Types

In Dyon, there are two kinds of types:

  • Runtime types, which only has one level
  • Static types, which can have more than one level

Runtime types

Dyon check the runtime type when using = to change a variable. To get the runtime type, use the typeof function:

fn main() {
    println(typeof(1.2)) // prints `number`
    println(typeof(true)) // prints `boolean`
    println(typeof("hi!")) // prints `string`
    println(typeof((1, 2))) // prints `vec4`
    println(typeof([1, 2, 3])) // prints `array`
    println(typeof({a: 2})) // prints `object`
    println(typeof(link { 1 2 3 })) // prints `link`
    println(typeof(some(2))) // prints `option`
    println(typeof(ok(2))) // prints `result`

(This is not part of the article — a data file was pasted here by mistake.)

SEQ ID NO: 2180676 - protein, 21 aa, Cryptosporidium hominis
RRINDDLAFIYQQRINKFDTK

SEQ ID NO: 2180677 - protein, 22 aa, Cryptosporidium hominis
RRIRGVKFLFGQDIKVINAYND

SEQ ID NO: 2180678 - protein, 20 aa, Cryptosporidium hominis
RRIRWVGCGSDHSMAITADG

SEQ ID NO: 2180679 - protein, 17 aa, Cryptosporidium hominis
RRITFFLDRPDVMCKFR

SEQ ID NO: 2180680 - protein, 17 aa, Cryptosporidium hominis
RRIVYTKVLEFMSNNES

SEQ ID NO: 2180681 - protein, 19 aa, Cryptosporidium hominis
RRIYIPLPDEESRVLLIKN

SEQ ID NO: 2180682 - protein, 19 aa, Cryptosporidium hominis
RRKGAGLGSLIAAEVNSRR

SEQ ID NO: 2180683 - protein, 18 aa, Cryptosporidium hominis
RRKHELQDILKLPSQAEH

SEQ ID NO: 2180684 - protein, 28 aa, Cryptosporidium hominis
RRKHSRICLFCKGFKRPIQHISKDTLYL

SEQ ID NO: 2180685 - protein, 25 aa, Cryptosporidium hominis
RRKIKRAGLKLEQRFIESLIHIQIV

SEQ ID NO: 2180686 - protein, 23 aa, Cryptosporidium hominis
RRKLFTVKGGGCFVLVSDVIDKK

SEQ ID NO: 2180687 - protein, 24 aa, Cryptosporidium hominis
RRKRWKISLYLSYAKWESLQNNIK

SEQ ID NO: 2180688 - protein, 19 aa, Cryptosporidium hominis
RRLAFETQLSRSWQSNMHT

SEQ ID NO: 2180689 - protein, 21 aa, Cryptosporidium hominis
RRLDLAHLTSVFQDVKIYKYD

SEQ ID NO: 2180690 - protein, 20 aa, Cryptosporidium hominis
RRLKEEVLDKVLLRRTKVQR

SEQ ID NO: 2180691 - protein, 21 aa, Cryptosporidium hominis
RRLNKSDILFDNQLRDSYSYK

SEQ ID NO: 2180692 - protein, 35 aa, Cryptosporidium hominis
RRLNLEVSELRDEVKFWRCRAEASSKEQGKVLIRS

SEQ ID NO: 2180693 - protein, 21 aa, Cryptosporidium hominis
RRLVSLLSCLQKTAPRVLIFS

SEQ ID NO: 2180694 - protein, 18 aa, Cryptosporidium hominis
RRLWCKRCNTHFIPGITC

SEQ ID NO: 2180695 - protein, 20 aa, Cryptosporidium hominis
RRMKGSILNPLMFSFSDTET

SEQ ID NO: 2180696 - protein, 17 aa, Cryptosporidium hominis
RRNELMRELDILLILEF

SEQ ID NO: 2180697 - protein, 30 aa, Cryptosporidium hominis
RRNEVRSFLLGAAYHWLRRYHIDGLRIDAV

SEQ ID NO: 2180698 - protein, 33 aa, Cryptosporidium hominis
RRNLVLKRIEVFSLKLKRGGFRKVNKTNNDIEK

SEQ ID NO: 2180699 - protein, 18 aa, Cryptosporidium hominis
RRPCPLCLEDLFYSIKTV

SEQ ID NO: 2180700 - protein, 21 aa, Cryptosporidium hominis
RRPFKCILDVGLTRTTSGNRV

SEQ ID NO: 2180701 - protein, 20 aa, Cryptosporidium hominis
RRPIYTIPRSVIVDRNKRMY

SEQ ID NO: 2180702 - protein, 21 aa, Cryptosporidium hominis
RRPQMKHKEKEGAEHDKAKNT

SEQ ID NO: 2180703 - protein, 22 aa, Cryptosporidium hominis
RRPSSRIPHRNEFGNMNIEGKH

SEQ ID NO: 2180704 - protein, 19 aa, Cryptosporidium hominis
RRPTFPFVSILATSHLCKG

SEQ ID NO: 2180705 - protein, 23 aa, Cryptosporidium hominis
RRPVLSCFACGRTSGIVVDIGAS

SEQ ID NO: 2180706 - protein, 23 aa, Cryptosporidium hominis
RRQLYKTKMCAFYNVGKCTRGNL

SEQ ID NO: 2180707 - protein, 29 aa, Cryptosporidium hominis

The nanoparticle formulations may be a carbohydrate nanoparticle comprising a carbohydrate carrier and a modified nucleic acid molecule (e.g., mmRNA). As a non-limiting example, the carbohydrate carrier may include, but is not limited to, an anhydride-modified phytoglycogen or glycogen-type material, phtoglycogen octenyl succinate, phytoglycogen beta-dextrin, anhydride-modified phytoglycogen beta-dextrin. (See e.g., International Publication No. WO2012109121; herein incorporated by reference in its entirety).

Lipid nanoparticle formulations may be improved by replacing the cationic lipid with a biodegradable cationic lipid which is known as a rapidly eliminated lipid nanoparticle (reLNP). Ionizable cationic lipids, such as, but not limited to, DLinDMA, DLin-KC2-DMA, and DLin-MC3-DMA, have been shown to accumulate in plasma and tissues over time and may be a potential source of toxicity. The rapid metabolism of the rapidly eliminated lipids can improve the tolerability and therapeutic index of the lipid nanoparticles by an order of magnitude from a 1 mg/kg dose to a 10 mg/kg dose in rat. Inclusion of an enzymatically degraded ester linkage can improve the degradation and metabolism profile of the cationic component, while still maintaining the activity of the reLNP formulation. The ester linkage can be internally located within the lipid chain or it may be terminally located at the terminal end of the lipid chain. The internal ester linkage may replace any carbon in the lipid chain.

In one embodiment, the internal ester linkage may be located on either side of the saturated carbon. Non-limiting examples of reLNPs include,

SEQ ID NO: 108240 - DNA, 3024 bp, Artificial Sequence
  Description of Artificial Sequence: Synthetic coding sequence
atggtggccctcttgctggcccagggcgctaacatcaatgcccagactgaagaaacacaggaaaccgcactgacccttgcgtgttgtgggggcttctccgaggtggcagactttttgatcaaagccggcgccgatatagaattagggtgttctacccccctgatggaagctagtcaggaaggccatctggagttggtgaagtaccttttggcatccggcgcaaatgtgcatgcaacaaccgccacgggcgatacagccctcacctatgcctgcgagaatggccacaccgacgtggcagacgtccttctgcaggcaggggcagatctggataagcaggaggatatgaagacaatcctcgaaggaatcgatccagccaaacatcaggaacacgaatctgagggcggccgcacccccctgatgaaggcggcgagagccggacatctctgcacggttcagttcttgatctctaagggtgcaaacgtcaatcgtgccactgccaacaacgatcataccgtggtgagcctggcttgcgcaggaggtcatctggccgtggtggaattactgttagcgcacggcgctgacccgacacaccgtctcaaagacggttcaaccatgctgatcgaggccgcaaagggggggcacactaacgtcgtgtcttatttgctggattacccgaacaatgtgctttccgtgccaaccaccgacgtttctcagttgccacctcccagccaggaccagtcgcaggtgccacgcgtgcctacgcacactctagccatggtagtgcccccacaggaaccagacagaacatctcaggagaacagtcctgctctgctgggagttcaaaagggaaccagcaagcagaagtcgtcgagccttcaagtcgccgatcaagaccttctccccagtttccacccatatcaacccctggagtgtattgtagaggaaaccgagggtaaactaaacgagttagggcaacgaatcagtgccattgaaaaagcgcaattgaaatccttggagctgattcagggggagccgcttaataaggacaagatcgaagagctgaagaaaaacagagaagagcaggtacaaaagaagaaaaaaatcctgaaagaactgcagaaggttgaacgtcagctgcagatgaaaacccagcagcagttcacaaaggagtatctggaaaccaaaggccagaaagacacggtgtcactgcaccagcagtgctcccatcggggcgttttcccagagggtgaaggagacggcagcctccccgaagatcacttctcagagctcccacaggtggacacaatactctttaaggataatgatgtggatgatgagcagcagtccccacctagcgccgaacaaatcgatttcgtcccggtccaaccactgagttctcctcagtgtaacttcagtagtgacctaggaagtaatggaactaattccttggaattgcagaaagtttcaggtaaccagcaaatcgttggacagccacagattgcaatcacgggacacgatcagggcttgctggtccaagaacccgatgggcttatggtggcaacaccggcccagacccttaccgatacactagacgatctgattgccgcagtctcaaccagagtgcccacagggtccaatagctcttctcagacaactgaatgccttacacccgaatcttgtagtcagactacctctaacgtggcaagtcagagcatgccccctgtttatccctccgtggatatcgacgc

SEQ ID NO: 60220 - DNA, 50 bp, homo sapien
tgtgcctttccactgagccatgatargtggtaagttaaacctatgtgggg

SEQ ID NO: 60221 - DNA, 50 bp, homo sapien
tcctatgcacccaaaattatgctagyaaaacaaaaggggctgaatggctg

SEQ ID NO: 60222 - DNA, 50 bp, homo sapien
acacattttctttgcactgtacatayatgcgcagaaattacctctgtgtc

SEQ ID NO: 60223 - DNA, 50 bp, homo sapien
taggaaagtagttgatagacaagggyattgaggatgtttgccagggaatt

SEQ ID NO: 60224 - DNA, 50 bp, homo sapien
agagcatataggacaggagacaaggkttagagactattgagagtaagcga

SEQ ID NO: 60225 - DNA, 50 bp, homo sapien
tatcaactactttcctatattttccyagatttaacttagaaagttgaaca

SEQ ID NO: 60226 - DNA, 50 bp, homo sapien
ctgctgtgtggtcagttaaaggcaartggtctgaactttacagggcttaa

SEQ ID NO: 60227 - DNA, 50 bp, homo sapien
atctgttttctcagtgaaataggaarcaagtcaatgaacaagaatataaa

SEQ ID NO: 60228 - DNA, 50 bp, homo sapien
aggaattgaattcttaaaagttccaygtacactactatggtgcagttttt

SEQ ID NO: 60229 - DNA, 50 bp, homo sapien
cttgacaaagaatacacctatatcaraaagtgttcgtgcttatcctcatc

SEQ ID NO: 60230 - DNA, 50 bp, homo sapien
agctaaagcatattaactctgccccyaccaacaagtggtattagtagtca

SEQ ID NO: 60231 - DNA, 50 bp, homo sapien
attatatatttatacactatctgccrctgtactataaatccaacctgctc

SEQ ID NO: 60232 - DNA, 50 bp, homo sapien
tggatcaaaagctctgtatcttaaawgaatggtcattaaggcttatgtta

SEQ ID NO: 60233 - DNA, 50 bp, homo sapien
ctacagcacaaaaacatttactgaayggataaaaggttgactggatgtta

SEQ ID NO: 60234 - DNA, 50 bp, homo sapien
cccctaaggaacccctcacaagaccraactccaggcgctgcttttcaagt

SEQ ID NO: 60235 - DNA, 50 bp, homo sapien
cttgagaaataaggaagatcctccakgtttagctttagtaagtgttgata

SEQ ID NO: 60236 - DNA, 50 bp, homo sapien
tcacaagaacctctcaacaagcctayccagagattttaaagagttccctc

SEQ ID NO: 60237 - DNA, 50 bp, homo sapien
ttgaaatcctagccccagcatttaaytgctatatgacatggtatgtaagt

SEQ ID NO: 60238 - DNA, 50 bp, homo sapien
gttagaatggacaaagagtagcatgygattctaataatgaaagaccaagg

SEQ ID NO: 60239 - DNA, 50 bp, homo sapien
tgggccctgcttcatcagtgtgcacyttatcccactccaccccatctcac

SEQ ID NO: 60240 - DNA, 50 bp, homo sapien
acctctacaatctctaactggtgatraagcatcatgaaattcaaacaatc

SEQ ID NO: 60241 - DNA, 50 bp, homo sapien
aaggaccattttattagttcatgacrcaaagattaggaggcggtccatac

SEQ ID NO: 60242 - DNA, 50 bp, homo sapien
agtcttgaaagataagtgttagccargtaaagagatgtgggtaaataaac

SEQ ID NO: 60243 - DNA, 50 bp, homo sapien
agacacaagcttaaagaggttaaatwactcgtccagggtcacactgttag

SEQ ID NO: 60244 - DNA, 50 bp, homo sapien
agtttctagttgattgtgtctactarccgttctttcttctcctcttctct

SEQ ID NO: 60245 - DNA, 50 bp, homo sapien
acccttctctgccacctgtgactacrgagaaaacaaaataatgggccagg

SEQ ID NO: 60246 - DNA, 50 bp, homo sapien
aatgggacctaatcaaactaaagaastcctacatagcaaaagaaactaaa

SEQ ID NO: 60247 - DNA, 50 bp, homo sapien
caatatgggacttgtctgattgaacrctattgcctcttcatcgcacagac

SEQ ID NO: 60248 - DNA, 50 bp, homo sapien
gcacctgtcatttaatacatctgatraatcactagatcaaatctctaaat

println(typeof(go foo())) // prints `thread`
    println(typeof(\(x) = x + 1)) // prints `closure`
    println(typeof(unwrap(load("src/main.dyon")))) // prints `rust_object`
}

fn foo() -> { return ok(2) }

Static types

Function arguments can have specify a static type:

fn foo(a: f64) { ... }

By default this is any.

Static types are used by the type checker to check for errors:

  • any, any type
  • f64, number
  • bool, boolean
  • str, string
  • vec4, 4D vector
  • [], array, defaults to [any]
  • {}, object
  • link, link
  • opt, defaults to opt[any]
  • res, defaults to res[any]
  • thr, defaults to thr[any]
  • Closure type, e.g. \(any, ..) -> any
  • Ad-hoc type, e.g. Foo, defaults to Foo {}

There is no static type for Rust objects. Use an ad-hoc type, e.g. Foo any.